Effect of end-of-life care education on the attitudes of nurses in infants' and children's wards

PUBMED ID:

22039385

PubMed - indexed for MEDLINE

Authors:

Zargham-Boroujeni A, Bagheri SH, Kalantari M, Talakoob S, Samooai F

Institution:

Nursing and Midwifery Care Research Center, School of Nursing and Midwifery, Isfahan University of Medical Sciences, Isfahan, Iran

Title:

Effect of end-of-life care education on the attitudes of nurses in infants' and children's wards

Source

Iran J Nurs Midwifery Res.2011 Winter;16(1):93-9

Abstract

 

Background:

Infant palliative care becomes an important aspect of nursing when providing welfare and promoting children's life quality are the objectives of care. The number of children with life threatening diseases has increased alongside the developments in technology and medical treatment in medicine. It is a pure fact that our attitudes are related to our behaviors and performances. This research was conducted with the aim of assessing the effect of intensive course of children's palliative care on the attitudes of children and infants' nurses in Isfahan University of Medical Sciences.

Methods:

This was a quasi-experimental, two-group and two-stage study in which 56 nurses working at Infants' and children's wards who met inclusion criteria were divided into experiment and control groups. The participants of experiment group attended in the infants' palliative care training course which lasted for 3 weeks. A reliable and already validated questionnaire of Infants and Children Wards Nurses' Attitudes Regarding the Dying Children was used before and after training.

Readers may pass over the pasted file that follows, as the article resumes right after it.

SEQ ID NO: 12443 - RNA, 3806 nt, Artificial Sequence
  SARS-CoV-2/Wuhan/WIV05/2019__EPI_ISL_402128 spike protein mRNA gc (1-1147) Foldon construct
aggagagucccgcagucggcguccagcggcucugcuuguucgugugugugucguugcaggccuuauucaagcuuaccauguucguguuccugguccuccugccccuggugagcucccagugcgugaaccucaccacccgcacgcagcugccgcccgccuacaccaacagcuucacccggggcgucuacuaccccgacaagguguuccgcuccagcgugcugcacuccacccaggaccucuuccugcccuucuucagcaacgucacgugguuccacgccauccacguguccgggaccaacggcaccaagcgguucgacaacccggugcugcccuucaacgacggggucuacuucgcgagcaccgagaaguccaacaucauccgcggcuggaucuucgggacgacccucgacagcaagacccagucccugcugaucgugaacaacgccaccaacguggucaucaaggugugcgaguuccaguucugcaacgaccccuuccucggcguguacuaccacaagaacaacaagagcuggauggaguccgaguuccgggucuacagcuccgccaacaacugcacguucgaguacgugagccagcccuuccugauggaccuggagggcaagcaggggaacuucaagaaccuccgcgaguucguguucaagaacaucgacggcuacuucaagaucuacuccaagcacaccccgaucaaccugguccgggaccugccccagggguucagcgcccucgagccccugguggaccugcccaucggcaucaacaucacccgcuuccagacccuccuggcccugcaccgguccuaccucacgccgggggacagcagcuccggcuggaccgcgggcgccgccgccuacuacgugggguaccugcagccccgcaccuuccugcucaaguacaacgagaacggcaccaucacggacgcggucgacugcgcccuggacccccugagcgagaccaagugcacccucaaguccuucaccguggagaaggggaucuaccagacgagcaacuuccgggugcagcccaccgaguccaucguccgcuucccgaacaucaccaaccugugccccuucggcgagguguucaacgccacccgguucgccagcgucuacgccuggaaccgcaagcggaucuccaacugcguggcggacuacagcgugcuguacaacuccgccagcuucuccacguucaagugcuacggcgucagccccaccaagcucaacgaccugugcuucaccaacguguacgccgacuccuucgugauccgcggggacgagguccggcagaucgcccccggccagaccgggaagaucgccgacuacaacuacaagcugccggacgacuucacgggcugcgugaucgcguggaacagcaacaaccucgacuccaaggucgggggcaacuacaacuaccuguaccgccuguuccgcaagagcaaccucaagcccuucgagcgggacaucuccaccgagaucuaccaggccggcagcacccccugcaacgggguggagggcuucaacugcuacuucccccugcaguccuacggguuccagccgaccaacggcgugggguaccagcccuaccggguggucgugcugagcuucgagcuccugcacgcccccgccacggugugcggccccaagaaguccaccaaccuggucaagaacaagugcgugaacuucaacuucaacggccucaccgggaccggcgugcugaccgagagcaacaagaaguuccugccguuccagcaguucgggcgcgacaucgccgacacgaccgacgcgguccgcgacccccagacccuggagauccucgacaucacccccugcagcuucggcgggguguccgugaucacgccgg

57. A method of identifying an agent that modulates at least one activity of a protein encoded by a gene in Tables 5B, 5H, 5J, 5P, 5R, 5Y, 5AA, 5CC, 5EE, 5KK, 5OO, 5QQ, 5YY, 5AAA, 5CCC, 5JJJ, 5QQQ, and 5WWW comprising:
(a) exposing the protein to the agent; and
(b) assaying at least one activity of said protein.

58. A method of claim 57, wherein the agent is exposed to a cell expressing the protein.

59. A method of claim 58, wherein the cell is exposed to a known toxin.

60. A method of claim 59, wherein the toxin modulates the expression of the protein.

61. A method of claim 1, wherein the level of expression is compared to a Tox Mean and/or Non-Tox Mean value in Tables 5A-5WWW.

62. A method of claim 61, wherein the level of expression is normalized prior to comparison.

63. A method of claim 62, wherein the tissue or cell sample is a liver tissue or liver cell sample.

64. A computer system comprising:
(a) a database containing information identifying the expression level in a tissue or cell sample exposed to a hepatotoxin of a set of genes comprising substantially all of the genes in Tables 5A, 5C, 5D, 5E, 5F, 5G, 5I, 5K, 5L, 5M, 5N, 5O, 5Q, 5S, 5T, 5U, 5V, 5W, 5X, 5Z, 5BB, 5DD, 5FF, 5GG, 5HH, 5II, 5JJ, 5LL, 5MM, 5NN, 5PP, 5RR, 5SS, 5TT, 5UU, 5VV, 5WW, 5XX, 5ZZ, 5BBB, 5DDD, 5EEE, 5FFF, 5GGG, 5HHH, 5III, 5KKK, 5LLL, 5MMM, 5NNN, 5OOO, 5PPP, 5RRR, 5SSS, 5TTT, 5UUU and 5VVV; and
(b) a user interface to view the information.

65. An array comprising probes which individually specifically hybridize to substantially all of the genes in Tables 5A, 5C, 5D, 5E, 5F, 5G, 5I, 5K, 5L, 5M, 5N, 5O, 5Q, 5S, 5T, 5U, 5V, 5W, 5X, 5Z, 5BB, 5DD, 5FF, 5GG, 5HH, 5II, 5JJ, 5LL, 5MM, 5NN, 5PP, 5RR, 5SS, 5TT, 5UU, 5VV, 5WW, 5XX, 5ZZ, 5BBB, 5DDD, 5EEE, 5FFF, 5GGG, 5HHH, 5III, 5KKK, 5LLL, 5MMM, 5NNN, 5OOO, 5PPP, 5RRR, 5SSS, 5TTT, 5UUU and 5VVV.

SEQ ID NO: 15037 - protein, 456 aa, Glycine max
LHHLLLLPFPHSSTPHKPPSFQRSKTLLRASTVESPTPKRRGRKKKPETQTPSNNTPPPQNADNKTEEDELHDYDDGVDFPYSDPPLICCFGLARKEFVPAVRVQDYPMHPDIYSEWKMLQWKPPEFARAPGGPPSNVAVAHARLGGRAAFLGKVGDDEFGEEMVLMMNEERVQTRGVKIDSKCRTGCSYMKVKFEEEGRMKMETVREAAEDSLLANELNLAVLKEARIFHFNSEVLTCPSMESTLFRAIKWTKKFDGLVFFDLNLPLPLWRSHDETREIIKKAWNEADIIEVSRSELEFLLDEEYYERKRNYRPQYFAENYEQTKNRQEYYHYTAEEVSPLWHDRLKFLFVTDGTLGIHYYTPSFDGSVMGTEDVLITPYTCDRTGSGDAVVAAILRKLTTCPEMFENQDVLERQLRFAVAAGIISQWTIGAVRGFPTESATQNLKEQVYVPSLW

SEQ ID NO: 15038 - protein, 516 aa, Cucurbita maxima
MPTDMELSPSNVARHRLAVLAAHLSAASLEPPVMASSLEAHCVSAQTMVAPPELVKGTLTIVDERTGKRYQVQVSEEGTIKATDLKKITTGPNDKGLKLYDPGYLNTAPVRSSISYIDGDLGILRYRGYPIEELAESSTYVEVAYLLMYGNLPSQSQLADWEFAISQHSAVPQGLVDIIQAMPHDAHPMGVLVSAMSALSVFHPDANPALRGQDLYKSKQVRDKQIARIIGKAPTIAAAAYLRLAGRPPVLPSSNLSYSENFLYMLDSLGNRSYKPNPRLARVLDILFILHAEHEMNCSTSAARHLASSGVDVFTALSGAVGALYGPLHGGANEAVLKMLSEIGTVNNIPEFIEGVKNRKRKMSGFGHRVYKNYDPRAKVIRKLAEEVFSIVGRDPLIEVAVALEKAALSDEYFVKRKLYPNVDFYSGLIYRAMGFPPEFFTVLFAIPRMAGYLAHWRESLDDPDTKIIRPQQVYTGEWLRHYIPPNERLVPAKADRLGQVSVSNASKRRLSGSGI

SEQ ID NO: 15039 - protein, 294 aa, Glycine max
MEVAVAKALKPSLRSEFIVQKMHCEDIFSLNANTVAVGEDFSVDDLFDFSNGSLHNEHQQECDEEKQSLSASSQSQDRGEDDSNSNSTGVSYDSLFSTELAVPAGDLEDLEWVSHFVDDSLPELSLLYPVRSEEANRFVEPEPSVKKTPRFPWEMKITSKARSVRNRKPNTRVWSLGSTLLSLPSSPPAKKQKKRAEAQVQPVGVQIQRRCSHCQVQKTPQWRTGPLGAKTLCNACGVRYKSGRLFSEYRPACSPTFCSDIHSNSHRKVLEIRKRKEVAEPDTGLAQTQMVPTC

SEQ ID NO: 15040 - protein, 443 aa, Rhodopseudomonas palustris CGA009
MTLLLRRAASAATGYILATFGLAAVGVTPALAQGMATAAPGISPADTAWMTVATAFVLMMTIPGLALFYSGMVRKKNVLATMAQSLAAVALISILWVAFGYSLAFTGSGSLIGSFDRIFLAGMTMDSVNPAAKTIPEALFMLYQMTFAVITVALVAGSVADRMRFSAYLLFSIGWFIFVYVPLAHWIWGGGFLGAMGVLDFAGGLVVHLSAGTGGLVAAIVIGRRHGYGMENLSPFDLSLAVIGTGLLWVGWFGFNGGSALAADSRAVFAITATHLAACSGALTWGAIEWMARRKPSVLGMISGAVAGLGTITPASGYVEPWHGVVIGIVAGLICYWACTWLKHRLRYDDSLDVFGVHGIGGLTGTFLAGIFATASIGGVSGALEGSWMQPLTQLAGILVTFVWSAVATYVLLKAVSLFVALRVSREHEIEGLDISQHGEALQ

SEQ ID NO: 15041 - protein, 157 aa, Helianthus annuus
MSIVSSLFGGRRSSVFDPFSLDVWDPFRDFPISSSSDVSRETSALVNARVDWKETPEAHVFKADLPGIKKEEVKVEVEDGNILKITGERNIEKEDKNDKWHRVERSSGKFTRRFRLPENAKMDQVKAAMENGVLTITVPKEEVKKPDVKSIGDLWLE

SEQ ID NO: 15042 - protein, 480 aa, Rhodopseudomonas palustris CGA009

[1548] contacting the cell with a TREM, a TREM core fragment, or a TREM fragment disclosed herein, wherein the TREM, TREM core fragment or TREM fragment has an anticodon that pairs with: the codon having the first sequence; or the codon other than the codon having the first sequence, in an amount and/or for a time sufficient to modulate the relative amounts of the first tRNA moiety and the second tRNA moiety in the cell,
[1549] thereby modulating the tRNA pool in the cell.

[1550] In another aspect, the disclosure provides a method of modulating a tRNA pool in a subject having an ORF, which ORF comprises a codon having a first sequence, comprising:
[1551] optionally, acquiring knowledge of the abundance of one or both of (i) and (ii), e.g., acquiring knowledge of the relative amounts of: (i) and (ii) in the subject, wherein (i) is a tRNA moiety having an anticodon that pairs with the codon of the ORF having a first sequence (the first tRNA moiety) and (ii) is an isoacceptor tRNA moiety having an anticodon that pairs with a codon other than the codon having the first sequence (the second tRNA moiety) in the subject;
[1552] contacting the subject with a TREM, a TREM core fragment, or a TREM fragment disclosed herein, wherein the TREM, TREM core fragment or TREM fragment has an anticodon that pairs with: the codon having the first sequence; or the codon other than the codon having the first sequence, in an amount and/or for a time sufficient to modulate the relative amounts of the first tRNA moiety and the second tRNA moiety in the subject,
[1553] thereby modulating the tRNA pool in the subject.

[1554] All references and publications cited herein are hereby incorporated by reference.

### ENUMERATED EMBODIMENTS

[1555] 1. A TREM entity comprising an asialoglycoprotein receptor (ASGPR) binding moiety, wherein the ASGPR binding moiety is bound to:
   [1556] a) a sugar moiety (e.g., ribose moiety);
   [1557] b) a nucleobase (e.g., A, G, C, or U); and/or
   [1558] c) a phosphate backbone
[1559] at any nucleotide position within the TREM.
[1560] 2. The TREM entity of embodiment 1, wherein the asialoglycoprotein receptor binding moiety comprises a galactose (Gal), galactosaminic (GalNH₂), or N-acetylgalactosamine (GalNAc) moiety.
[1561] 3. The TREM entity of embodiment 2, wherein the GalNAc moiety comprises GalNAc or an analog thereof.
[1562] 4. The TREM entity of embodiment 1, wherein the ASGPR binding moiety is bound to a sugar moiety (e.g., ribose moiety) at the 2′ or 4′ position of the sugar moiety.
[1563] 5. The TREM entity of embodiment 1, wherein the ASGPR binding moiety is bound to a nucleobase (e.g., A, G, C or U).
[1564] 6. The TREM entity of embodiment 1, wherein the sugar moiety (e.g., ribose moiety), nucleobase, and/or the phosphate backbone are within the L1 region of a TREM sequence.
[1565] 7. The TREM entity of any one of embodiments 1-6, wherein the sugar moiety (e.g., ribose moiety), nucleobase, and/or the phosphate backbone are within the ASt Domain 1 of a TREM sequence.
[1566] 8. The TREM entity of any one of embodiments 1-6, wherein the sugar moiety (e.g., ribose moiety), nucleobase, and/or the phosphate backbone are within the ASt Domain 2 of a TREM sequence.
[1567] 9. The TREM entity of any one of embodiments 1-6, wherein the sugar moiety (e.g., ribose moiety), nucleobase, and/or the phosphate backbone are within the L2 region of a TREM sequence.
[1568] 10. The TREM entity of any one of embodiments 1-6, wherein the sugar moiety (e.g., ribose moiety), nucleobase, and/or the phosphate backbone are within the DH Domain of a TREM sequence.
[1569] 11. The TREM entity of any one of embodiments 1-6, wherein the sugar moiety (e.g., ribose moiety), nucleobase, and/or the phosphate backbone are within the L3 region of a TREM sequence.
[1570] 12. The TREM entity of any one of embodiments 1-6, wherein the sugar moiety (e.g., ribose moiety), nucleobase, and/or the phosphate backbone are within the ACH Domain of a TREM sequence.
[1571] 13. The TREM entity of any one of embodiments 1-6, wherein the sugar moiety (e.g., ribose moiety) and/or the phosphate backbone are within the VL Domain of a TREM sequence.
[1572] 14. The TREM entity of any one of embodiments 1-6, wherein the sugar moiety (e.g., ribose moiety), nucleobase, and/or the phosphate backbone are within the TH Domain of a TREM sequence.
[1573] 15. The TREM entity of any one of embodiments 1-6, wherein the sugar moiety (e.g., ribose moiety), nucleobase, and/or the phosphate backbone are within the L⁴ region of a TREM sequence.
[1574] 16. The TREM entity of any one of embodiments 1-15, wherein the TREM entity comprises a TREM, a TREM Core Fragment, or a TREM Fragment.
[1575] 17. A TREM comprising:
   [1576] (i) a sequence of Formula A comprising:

Results:

There was no significant difference between the two groups regarding demographic characteristics, except for marital status which was found the study findings were not confounded by it. There was a significant difference between mean test and re-test scores in the experiment group and also between the mean scores of control and experiment groups after training. There was no significant difference between mean scores before and after training in the control group.

Conclusions:

End-of-life children care is one of the issues in modern medicine which has not gained a definite status in Iran. It is hoped that nurses would be the forerunners of this modern science in Iran.